photo RSMAtnWebAdRed13.jpg

Gonzalo González, Interim Mayor

By Jesús Aguado

“Let’s leave the politicians to do the politics. In this administration, we will use our time to work,” said Gonzalo González—interim Mayor—in an interview.

On March 24 this year, Ricardo Villarreal—who won the mayoral race on July 2, 2015—asked for a permit to leave office in order to run for federal legislator. The same day, Gonzalo González resigned from the Secretariat of the City Council and was proposed to occupy the mayoral chair on an interim basis. The members of the City Council accepted him in a post that he could fill until October 9, when Villarreal’s administration comes to an end.

Gonzalo González is a 44-year-old Sanmiguelense. He is an attorney who got his law degree from the Universidad de Guanajuato and also has a master’s in constitutional rights and amparo, or human rights law, from Universidad Iberoamericana in León. He began working in public administration in 2000 as director of the city’s legal department. In 2002, he was appointed as director of Public Services. From 2003-2006, he was director of Social and Human Development. Then, in early 2006, he was designated the secretary of the City Council, but he left that post on October 9 of the same year. From then he worked as an attorney until October 9, 2015, when he returned as secretary of the City Council.

González recently sat down with Atención for an interview about his new post as interim mayor.

Jesús Aguado: Who is making the decisions in the City Council, you or still Ricardo Villarreal?

Gonzalo González: Mayor Villarreal, with a leave of absence, is giving me the freedom to make decisions. Of course, I will accept advice. I will respect his expertise, but I am making decisions, not him.

JA: You were not elected by the popular vote. How must the Sanmiguelenses take the City Council’s decision?

GG: I was appointed and accepted as interim mayor by all the members of the City Council, and they are the representatives of the San Miguel residents. I do have a major responsibility with the City Council for that, but also with the citizens of San Miguel de Allende. I want them to see me as a mayor with a great desire to work tirelessly for all sectors and, also, to treat every person as they deserve in order to gain their confidence.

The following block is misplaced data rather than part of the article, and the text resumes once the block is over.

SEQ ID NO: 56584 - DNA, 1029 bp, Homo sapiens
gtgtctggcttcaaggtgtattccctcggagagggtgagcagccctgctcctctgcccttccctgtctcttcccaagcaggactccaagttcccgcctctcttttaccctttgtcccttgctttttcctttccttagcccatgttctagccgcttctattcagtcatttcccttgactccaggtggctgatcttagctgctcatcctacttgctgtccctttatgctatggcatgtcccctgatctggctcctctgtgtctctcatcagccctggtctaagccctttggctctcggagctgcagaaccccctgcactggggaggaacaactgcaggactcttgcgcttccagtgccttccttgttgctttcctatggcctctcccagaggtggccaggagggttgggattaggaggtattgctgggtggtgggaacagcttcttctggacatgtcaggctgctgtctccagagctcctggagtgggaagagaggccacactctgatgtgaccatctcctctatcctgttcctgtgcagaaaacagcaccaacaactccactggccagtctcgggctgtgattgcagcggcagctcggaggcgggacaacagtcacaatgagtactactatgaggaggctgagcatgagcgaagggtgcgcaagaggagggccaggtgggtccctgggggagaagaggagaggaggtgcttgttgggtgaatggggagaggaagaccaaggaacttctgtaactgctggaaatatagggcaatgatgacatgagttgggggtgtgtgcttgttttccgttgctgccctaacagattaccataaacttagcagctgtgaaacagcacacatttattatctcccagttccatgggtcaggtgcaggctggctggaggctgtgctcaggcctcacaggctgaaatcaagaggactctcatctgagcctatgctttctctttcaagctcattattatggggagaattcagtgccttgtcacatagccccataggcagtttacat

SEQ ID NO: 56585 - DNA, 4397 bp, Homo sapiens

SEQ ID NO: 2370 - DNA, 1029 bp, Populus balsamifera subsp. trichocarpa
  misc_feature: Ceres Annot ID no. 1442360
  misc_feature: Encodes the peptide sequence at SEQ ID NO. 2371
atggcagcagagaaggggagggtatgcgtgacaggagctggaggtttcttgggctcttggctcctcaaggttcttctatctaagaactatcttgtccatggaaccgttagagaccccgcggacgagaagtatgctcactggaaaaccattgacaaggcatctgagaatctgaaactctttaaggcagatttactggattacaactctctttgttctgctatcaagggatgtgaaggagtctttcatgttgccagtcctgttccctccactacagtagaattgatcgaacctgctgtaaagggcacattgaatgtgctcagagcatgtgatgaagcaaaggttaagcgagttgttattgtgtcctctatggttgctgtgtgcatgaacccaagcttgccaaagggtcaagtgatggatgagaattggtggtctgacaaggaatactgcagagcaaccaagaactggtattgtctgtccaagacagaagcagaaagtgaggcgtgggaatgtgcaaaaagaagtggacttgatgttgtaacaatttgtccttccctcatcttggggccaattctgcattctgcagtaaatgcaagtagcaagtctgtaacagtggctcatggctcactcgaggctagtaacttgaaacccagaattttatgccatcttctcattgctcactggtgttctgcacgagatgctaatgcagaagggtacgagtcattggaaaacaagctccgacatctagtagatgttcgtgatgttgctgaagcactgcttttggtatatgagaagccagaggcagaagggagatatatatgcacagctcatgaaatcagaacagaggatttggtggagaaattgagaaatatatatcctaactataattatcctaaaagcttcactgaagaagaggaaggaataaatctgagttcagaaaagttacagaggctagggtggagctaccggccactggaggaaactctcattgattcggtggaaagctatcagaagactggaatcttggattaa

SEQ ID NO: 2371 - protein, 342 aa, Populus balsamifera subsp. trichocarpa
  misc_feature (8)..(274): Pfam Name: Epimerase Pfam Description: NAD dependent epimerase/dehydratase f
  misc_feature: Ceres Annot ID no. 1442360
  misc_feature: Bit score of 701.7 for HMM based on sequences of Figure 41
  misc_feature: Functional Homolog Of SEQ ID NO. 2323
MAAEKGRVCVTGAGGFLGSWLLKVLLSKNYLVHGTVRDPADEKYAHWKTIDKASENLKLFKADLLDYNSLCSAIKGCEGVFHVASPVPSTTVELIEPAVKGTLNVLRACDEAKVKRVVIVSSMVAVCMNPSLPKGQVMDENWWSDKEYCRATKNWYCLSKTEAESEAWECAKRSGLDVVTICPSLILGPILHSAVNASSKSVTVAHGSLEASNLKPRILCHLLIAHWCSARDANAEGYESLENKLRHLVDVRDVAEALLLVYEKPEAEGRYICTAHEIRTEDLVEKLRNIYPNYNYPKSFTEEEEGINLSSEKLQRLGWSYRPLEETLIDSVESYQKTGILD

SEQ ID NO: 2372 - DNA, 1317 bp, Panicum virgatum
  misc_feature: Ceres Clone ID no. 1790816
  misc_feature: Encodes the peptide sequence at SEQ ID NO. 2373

JA: What would be the challenges for your administration in the next seven months?

GG: Now that we are in campaign season (mayoral race), we do have the challenge of working daily to offer quality services from this administration. We do have much work to do. We have 400 public works in different phases that we need to finish, and we will focus our energy on that. We also will work to consolidate the topic of public services—lighting, electricity, potable water, and cleaning. Tourism is on the table: We want more people, but also we want to offer them better services and professionalism from the traffic and police officers. For that reason, human rights training courses and [training in] how to act in times of crisis will be offered with resources from the federation and the state.

JA: Could you mention three public works that could mark your seven-month administration?

GG: The new Zeferino Gutiérrez park will be a new lung to the city, and it will be the second biggest in San Miguel after the Juárez. Actually, since the construction of the Juárez, no more parks with the same extension have been constructed. We will work to consolidate the new linear park of Cachinches in Cuevitas. It has been on the table for many years, but our administration will make it possible, and currently we have 11 million pesos. We will work on the Canine Center, which will be the second most important in the country. The first phase of three will include the building and equipment and the third will feature a cemetery for pets, where people would be able to plant a tree after their pet’s burial.

JA: Will you visit rural communities and neighborhoods to be closer to the people?

GG: We cannot right now, because of the upcoming election, and we are being watched over by the Electoral Institute. However, we are working daily in the “house” of Sanmiguelenses—this administrative building—to solve important topics, and take care of the finances, which are the healthiest in the state. We will work here for Sanmiguelenses, treating them with dignity and respect, and by giving them the attention they deserve.


Comments are closed

 photo RSMAtnWebAdRed13.jpg
 photo RSMAtnWebAdRed13.jpg

Photo Gallery

 photo RSMAtnWebAdRed13.jpg
Log in | Designed by Gabfire themes All original content on these pages is fingerprinted and certified by Digiprove